* Notes *
Cal Performances presented a recital of Bach's French Suites played by Davitt Moroney yesterday afternoon. There were three harpsichords on stage: one from UC Berkeley's music department, one belonging to Davitt Moroney himself, and one lent by Peter and Cynthia Hibbert of Palo Alto. All three were made by John Phillips from 1995 to 2010, based on historical models. It was interesting to compare the three instruments, each so different. Moroney played Suites No. 1 and 5 on the third harpsichord, based on a instrument made by Johann Heinrich Gräbner from Dresden in 1722; Suites No. 2 and 4 on the first, modeled after Andreas Ruckers (Antwerp, 1646) but enlarged by François-Étienne Blanchet in 1756, and reworked by Pascal Taskin in 1780; and Suites No. 3 and 6 on his own instrument, based on a harpsichord by Nicolas Dumont from Paris in 1707.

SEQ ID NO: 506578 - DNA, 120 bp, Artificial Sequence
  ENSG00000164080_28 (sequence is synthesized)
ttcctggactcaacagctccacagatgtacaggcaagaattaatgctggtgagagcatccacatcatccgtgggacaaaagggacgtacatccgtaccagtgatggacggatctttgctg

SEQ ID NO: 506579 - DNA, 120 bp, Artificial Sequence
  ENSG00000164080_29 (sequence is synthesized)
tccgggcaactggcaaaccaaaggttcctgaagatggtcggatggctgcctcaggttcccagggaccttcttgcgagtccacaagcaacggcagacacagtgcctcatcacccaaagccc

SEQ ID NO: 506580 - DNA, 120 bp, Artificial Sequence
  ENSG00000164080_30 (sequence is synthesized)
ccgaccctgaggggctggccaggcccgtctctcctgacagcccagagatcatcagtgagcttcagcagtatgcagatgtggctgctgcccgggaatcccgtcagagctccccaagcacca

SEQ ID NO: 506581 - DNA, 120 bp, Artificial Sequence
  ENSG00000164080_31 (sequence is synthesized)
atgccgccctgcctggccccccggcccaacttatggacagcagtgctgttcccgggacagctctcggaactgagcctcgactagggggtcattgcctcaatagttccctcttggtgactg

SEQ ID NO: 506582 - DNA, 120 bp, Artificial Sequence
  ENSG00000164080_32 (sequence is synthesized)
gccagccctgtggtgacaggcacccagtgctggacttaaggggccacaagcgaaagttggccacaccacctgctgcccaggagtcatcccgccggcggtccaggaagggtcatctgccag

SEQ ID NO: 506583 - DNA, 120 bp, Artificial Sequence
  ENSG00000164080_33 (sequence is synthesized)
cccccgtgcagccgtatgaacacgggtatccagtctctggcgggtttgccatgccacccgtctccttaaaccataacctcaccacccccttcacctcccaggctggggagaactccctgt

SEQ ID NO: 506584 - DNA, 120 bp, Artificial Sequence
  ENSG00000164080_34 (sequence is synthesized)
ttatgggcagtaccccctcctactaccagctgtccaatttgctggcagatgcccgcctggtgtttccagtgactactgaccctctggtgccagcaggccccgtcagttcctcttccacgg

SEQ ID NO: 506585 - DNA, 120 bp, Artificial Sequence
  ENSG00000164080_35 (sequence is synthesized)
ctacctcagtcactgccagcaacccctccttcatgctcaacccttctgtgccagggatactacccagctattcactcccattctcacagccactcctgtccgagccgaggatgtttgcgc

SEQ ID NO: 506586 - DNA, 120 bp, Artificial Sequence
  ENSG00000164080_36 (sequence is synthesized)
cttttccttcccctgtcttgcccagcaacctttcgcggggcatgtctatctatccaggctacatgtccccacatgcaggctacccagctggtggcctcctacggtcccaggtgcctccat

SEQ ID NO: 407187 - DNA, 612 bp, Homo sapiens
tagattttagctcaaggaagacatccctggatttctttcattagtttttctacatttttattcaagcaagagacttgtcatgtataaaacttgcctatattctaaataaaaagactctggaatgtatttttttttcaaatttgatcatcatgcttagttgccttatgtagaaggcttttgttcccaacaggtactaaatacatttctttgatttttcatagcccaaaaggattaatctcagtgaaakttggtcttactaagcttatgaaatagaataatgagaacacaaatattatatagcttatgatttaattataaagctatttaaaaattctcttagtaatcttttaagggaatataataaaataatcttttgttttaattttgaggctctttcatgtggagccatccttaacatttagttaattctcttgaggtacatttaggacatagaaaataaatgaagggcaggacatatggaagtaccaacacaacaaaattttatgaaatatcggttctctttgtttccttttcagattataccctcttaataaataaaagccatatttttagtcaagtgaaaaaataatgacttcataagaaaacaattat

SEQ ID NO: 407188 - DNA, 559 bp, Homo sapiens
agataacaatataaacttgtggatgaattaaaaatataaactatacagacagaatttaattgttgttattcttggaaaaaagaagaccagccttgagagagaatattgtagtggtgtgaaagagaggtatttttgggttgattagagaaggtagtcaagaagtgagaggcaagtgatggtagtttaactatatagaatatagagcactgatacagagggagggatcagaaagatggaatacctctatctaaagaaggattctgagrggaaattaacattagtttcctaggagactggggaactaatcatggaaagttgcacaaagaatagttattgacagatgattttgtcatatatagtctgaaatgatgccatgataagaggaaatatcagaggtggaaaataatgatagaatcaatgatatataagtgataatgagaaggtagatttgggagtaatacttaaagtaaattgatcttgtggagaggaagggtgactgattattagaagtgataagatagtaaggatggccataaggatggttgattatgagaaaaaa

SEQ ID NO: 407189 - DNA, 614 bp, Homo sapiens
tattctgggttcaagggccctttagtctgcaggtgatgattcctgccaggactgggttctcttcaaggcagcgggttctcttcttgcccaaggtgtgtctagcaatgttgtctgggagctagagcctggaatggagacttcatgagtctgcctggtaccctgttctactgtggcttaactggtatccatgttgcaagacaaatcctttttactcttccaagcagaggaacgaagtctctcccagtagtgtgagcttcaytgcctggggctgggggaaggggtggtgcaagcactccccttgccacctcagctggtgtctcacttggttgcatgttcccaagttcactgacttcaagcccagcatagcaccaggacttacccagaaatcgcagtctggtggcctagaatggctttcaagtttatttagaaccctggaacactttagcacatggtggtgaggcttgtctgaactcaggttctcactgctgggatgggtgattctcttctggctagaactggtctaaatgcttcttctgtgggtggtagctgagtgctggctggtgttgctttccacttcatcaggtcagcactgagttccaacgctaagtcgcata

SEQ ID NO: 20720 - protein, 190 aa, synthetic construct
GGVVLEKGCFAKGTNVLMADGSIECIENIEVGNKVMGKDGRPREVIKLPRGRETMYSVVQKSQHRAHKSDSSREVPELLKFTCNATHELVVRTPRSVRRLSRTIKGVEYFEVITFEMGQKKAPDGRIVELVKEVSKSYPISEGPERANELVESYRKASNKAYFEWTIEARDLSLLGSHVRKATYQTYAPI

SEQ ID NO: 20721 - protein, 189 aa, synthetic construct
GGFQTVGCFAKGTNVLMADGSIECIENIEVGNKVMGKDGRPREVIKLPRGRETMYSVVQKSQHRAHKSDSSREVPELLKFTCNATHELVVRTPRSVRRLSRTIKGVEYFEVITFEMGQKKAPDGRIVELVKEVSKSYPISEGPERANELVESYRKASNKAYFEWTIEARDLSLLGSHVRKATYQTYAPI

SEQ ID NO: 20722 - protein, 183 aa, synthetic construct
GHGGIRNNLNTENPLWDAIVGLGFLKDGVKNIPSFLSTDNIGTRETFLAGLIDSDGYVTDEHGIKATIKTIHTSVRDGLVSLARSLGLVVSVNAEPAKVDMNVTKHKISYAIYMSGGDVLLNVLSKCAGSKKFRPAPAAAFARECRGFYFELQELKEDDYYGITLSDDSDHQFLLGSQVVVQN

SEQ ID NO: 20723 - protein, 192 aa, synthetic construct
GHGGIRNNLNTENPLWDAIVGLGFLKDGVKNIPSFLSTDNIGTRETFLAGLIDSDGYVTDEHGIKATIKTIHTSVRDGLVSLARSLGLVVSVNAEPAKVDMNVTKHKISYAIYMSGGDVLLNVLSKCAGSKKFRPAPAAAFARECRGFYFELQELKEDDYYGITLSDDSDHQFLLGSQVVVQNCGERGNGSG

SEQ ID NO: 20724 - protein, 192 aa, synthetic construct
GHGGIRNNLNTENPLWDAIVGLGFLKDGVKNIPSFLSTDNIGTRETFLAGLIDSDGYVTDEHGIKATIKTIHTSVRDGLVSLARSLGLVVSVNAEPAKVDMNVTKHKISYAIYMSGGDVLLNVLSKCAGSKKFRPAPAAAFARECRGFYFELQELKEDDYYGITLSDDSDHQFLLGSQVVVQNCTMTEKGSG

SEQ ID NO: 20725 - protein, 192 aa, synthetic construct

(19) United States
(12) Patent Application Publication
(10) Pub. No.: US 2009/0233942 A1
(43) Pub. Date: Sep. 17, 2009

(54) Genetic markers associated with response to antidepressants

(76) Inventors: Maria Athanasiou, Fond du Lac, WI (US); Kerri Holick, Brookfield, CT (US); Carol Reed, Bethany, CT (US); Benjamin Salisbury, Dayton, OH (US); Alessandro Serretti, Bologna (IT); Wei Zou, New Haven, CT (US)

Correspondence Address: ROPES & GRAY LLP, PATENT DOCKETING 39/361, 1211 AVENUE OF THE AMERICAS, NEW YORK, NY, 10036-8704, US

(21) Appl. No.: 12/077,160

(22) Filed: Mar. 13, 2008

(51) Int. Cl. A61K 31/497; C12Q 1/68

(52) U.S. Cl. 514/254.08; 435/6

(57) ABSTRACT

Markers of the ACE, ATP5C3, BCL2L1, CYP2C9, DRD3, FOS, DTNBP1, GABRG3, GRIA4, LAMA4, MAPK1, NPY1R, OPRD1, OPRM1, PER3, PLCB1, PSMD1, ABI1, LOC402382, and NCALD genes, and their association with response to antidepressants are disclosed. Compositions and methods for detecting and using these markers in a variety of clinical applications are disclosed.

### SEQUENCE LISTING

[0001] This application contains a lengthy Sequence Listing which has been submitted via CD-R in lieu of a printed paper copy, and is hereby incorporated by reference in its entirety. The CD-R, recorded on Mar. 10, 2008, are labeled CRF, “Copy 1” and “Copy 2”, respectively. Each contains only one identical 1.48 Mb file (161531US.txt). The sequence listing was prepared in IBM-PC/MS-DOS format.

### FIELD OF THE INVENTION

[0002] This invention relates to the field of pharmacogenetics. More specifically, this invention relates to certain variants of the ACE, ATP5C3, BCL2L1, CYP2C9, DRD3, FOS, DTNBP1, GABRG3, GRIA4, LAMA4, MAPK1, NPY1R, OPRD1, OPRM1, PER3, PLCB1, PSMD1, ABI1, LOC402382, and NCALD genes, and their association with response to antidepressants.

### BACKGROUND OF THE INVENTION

The Gräbner harpsichord was cleanest, Moroney's playing came off as elegant and refined. His playing is restrained and not terribly expressive. Personally, I have an irrational affection for this Ruckers-Taskin, as it was likely the first harpsichord I ever heard in person. The instrument has more of a rich muddiness, not entirely appropriate for the French Suites, perhaps, but not unpleasant. The Dumont right in the middle of the stage had a sound that was more subtle than the Ruckers-Taskin but not as neat as the Gräbner.
Moroney spoke quite charmingly between the pieces. His favorite movement is the Allemande of Suite No. 4. Mine may have been the Sarabande of Suite No. 3. I enjoyed Moroney's dry playing, though I occasionally wished for just a bit more capering.
* Tattling *
Many of the attendees read the score during the performance. There was only slight whispering and no electronic noise.